Last week we recycled an old editorial to talk about an idea we’ve been promoting for a long time – creating a park out of the property at the northwest corner of Dutch Lake.
This week we’re going to talk about another idea we’ve been pushing for a long time – a helicopter landing site next to Dr. Helmcken Memorial Hospital.
As reported in the story posted March 30, last Sunday a BC Ambulance helicopter used the parking lot of the vet clinic by Camp Two Road as a landing site.
Other possible landing locations, such as Clearwater’s old airstrip or the Yellowhead Helicopters hangar, were either covered with too much snow or otherwise unavailable.
This is far from an optimal solution to the situation.
In last Sunday’s incident, the emergency crew on the helicopter decided that the patient should be transported to Dr. Helmcken Memorial Hospital rather than flown to Kamloops or Kelowna.
If the ambulance that brought the patient from Blue River had met the helicopter at the hospital, transferring him or her there would have been a simple matter. As it was, the ambulance had to go back the way it had come several kilometers.
A quick search through our files shows several other incidents where a dedicated heli-pad at the hospital would have proved useful.
For example, in February, 1992, a Mike Wiegele helicopter landed on the road in front of Clearwater’s hospital with an injured logger. The Barriere resident had been hurt while logging in the Tum Tum area. A German doctor who had been staying at Wiegele’s insisted the helicopter land in Clearwater so the patient could be stabilized.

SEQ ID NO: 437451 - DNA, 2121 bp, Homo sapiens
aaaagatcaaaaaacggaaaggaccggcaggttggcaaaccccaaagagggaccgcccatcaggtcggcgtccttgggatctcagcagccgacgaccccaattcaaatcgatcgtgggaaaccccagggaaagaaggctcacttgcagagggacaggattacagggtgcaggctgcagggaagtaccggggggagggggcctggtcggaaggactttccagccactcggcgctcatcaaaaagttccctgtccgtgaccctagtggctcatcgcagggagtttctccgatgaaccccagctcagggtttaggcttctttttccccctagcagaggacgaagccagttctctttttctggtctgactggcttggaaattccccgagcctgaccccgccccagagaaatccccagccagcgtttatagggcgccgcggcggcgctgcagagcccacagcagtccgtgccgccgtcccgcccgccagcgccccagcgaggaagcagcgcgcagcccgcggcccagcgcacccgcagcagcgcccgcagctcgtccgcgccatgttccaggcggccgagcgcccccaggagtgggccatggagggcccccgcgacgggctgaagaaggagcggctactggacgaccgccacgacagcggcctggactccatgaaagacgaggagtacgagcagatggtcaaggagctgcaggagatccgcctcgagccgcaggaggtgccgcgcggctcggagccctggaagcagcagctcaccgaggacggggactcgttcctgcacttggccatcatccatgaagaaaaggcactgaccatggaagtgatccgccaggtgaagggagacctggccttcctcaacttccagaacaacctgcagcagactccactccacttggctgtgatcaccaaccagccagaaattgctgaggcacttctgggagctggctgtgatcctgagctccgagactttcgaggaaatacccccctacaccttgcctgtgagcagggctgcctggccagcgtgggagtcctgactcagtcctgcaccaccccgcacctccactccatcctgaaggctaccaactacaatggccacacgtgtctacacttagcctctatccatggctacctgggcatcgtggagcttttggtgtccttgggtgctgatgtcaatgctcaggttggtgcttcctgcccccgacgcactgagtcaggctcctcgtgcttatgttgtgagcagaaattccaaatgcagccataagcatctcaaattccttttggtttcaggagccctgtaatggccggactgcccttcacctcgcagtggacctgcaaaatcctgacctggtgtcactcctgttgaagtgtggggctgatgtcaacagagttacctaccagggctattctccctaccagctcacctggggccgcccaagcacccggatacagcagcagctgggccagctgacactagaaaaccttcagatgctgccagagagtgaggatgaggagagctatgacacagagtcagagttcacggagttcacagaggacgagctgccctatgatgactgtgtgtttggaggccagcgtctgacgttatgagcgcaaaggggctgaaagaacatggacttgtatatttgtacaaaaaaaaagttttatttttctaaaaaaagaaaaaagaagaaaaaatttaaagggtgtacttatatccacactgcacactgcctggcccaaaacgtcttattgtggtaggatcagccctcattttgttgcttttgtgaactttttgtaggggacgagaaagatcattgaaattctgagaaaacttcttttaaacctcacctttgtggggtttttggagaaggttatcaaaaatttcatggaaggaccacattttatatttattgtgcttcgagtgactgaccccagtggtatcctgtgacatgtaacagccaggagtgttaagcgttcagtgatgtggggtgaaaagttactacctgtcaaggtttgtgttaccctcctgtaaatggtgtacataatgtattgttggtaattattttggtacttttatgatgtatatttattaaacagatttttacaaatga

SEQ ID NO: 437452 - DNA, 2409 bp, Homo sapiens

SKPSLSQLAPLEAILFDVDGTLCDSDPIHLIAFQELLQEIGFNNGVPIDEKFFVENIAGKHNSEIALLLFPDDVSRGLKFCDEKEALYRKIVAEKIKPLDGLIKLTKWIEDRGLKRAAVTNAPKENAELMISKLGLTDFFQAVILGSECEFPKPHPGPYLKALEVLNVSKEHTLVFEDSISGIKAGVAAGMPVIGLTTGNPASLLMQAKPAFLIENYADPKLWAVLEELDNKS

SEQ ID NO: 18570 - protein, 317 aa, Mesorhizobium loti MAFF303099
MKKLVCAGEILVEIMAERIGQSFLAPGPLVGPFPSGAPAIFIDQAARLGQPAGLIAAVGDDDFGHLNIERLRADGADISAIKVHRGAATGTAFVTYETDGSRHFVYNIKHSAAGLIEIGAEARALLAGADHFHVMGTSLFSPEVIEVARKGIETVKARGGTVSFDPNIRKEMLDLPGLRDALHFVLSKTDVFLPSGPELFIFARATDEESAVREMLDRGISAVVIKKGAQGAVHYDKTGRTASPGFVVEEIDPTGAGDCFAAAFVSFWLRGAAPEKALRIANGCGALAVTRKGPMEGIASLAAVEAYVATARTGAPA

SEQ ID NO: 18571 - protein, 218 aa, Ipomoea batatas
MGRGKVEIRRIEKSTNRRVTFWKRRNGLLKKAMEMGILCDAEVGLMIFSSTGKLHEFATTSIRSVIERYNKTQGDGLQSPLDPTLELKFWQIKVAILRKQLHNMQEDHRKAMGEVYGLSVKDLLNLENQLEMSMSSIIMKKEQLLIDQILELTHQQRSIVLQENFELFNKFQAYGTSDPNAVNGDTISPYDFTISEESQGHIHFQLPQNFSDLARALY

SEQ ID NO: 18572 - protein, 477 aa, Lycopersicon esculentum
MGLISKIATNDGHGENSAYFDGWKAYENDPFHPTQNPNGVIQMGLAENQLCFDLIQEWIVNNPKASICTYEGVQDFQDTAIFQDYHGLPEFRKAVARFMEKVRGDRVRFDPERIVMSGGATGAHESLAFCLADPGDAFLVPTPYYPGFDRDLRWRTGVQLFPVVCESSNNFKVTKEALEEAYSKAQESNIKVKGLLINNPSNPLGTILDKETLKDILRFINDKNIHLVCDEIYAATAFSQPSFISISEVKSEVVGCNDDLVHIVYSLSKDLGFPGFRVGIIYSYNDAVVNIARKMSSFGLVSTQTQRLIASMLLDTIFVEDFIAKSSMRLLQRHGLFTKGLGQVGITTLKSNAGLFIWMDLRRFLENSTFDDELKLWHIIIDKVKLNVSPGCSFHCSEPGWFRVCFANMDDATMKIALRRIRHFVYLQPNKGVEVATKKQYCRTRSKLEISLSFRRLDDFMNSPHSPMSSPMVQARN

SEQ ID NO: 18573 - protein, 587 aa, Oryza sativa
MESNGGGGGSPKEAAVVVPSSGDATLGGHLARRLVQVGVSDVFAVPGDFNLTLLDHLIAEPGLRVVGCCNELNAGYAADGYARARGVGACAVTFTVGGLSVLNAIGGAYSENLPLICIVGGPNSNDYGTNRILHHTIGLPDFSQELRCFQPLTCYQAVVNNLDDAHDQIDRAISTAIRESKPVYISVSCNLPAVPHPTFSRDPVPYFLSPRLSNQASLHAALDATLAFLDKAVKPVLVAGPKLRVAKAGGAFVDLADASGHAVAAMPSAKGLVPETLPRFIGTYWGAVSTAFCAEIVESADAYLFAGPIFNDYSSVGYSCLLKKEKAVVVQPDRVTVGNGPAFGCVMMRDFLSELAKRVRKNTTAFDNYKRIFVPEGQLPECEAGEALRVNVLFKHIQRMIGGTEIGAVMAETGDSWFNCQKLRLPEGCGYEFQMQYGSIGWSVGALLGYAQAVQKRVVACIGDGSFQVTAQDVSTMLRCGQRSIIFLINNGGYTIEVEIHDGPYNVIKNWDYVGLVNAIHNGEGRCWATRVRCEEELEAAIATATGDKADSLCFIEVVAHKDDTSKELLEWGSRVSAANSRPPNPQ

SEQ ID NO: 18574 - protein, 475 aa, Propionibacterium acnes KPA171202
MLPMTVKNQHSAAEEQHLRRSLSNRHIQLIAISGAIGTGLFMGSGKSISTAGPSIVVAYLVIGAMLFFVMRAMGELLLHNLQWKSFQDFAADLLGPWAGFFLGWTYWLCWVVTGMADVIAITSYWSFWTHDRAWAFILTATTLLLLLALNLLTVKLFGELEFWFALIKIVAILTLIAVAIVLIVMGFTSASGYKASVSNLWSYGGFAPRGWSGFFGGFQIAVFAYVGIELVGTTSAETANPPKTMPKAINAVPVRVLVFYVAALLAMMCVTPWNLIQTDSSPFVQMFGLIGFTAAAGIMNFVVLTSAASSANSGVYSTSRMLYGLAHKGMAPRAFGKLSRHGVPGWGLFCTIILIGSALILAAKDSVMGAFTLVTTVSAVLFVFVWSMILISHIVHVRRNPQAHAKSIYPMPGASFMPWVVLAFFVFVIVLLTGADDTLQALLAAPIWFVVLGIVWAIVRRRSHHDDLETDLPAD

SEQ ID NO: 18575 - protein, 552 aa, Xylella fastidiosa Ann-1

In May, 2005, another Wiegele helicopter brought to the hospital one of the heli-skiing company’s guests who had been the victim of an avalanche. Acting to a pre-arranged plan, police cordoned off the parking lot for the landing.
Back in December of 2008, Andrew Neuner, chief operating officer for the Thompson-Cariboo-Shuswap with Interior Health, reported to the Thomson Regional Hospital District board that a consultant had been hired to investigate helicopter access for the hospitals at Clearwater, Ashcroft, Lillooet and 100 Mile House.
Steve Quinn, then the TNRD director for Blue River-Avola (Area B), was quoted as saying, “The regional district has argued for years that Clearwater should have one. We have so much remote activity here, year round. It’s not just heli-skiing. It’s forestry, mining exploration and so on.”
In 2009, District of Clearwater council moved to remove two restrictive covenants on property next to the hospital to allow construction of a heli-pad.
It is long past time for that project to go ahead.